Dallas,TX – If Al Gore loses the election this fall, would his running mate, Joe Lieberman, be a likely prospect for president in 2004? Certainly Senator Lieberman was the star of the Democratic convention. It was his speech, said one observer, that ushered out the Clinton era and turned the party toward this year's nominees. Could he point the way also toward a Democratic restoration four, or eight, years from now?
It's possible. Lieberman, like the current president, has enough personal warmth to project a centrist position into a kind of politics that can encompass all Democrats. In 1998 the "National Journal" gave him a 55 percent liberal rating on economic issues, 74 percent on social matters and 51 percent on foreign policy. That put him pretty close to the middle on concerns of the hard core. And on questions of culture he tempers his stands favoring abortion and gay rights with stern ideas about media pollution and a religious discipline that tends to attract the admiration of all believers.
Indeed, in his book, "In Praise of Public Life", he writes that his greatest relaxation comes from the Sabbath which he observes strictly but also joyfully, without a watch or a schedule unless governing (never politics) requires them. Joe Lieberman's faith and that of his wife Hadassah permeates their lives in notable ways. In her remarks at the convention in Los Angeles, she spoke of "respectful living," and the importance of neighborhood, community and "congregation" -- a marvelous and unexpected choice.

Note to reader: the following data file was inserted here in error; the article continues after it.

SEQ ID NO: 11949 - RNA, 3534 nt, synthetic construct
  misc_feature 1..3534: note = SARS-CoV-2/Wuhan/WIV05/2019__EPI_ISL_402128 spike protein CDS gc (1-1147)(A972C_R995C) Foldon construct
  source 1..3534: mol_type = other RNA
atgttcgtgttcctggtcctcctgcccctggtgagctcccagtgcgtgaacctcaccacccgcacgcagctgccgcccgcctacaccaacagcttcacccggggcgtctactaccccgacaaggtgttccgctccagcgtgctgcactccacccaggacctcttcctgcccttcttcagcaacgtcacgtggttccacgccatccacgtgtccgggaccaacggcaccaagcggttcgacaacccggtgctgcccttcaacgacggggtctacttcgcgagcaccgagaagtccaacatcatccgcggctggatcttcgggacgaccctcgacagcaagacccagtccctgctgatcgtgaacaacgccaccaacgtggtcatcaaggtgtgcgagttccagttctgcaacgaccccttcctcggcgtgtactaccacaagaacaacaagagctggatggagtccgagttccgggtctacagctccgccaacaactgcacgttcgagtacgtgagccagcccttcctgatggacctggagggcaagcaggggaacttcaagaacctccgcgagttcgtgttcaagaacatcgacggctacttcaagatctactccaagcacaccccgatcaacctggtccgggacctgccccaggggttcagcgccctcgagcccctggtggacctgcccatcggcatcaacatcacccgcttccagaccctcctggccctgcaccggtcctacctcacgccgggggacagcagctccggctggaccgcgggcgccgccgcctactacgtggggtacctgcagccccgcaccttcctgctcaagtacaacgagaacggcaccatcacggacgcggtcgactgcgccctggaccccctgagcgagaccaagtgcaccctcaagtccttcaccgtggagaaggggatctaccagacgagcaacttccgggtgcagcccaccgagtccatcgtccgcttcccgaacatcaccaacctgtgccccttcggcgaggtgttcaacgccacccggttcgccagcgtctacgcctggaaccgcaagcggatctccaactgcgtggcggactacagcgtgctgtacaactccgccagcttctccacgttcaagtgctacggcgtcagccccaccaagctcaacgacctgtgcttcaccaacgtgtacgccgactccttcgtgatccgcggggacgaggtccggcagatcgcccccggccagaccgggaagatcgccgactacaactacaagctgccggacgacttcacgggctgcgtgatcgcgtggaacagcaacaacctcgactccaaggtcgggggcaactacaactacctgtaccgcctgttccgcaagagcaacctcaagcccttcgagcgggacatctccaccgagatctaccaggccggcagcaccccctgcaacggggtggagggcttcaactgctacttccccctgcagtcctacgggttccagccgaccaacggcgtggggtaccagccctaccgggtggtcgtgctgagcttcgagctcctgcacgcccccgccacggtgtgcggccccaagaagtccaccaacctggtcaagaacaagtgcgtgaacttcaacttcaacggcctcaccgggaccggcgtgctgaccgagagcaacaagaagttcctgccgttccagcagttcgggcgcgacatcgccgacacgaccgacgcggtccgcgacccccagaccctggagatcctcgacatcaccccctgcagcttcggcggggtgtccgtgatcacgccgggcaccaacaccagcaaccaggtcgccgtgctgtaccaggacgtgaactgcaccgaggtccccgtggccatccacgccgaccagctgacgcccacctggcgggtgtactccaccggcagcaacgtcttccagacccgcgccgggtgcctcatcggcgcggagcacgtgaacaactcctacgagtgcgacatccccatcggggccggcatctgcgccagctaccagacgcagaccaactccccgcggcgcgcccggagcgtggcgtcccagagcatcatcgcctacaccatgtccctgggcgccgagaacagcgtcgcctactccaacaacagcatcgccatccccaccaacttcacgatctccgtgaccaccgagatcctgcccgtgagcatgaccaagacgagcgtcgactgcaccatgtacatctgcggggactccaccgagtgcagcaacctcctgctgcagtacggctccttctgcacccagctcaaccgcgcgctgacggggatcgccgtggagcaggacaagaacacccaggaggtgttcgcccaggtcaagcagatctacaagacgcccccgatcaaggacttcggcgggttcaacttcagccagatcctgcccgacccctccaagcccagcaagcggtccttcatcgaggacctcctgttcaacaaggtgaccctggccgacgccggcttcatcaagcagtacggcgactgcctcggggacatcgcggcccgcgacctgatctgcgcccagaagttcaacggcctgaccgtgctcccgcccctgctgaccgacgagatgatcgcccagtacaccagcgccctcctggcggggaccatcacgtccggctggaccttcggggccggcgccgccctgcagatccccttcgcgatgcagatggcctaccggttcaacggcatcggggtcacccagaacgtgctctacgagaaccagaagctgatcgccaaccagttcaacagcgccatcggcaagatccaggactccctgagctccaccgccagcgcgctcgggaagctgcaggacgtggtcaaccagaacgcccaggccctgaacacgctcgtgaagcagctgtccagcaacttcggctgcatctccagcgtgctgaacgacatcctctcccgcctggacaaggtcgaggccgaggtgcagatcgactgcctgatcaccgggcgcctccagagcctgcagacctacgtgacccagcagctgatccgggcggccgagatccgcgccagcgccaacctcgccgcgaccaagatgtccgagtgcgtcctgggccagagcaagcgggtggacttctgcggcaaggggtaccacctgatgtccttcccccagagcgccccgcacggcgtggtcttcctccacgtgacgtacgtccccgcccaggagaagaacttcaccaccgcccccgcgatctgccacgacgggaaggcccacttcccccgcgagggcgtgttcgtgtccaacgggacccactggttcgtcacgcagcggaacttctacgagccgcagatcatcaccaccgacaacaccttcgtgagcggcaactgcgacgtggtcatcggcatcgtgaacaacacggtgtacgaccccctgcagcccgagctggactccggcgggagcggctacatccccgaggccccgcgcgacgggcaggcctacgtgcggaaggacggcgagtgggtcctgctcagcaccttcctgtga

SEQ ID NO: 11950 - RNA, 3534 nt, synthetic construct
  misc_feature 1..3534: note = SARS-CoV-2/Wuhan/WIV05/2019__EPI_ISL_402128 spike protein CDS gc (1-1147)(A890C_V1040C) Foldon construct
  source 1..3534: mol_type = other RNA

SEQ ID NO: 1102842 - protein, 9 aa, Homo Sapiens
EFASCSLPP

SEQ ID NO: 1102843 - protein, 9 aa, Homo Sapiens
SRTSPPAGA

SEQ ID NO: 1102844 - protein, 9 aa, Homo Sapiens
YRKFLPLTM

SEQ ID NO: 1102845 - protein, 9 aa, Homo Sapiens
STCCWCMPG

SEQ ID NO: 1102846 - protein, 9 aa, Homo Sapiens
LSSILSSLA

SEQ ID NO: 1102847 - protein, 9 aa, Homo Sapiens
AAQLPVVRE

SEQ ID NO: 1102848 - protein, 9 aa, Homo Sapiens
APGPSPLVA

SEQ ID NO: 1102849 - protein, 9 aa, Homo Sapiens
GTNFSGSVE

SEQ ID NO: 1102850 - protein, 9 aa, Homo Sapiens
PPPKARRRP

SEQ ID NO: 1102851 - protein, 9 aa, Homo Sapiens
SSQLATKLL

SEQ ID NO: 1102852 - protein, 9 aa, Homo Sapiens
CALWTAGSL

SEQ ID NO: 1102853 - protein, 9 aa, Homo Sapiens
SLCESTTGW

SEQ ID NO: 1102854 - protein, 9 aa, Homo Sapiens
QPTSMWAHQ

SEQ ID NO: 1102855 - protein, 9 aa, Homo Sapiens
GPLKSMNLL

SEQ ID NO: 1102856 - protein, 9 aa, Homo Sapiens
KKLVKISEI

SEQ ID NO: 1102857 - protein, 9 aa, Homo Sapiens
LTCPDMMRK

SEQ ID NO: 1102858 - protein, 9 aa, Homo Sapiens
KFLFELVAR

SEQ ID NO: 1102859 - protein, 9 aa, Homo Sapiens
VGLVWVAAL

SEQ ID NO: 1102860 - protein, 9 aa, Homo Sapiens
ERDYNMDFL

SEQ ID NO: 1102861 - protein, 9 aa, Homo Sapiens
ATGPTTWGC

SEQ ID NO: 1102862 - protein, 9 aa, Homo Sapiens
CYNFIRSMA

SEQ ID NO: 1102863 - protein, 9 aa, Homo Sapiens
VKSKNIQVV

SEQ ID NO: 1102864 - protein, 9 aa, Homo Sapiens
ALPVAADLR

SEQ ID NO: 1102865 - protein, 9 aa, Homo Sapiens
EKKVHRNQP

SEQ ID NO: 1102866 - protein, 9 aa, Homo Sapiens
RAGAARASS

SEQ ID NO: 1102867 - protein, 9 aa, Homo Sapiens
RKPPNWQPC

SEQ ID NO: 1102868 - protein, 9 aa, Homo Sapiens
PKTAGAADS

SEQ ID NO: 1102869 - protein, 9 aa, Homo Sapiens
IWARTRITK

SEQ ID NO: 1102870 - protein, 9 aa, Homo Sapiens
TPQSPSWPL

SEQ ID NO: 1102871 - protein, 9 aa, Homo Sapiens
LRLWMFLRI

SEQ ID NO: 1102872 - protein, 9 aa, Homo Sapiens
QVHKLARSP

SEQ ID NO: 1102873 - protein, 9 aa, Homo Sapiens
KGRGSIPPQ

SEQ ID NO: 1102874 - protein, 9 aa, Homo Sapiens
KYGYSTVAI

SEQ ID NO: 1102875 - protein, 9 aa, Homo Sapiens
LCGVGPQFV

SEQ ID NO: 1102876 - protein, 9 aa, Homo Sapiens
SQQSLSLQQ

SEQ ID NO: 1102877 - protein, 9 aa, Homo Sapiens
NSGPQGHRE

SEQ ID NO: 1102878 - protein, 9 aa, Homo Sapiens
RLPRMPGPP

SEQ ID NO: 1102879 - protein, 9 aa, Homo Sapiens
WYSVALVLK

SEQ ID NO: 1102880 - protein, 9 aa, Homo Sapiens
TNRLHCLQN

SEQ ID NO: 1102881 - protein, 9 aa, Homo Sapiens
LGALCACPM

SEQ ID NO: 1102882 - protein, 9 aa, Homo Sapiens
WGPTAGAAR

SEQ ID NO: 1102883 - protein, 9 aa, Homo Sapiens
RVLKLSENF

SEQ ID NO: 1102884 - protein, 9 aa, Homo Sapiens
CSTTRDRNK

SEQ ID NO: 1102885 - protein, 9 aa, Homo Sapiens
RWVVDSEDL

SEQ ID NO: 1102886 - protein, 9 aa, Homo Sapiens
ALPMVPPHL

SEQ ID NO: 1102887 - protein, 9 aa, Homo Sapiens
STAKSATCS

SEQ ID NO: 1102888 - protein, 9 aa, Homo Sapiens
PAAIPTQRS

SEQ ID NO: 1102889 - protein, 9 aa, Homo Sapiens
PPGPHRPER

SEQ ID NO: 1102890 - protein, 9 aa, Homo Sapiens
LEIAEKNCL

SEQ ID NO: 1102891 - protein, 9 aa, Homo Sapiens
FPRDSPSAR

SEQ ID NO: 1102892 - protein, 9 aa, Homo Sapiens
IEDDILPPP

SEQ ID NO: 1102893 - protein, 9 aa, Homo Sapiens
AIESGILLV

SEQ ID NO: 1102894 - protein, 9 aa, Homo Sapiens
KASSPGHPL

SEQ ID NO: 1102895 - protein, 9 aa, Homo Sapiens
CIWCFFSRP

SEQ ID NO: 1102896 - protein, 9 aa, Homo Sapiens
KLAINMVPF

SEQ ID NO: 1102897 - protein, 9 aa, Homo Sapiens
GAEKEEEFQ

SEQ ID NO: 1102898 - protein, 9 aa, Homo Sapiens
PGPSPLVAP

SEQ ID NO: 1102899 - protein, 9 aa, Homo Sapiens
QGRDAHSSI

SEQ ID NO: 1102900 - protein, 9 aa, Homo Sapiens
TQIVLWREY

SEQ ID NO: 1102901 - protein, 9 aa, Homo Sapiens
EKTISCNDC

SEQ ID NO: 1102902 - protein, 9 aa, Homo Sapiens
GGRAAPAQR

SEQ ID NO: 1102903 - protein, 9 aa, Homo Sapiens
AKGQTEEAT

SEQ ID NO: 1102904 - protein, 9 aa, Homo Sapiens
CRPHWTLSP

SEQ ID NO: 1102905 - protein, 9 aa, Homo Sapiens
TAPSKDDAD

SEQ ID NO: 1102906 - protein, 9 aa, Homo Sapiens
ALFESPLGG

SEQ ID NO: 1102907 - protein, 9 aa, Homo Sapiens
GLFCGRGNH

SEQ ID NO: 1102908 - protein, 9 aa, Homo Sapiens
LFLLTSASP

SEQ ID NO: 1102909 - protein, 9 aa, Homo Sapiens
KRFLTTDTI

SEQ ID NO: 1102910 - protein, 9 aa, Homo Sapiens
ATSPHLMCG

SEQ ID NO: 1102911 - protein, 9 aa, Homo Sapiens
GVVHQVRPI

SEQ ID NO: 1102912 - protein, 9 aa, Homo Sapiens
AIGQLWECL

Lieberman's religious life is compelling not only because of his faithfulness to it, but also because of the respect it leads him to accord the spiritual perspective of others. He is a genuinely devout man who does not threaten those around him. In striving to be both a man of thought and a man of action, a man of the spirit and a man of the world, he has created in himself poetic insight as well as moral grounding.
Before he left for Washington 12 years ago, Lieberman went to see three religious leaders who meant a lot to him, a rabbi in New York, an evangelical minister in Milfort, Connecticut and Archbishop John Whalen of the Catholic Diocese of Hartford. It was Archbishop Whalen who advised this: "Leave time for solitude, Joe. Make space for thinking and reading." This made an impression on the new senator from Connecticut.
Joe Lieberman is a career politician who never wanted anything else. He worked his way from state senator to attorney general to the U.S. Senate. He opposes term limits and believes in seasoned public servants. He has become one himself. Early on he identified his issues as economic growth, the environment and national security. Early on also he was drawn to the Democratic Leadership Council, the centrist bastion of New Democrats which he now chairs. This was the incubator of the Clinton-Gore ascendancy and it holds the hope for future Democratic administrations as well.
Joe Lieberman has the moral heft, the political presence and the independence of mind to make the Democratic Party a continuing arena for effective government, if not in 2004, then in 2008.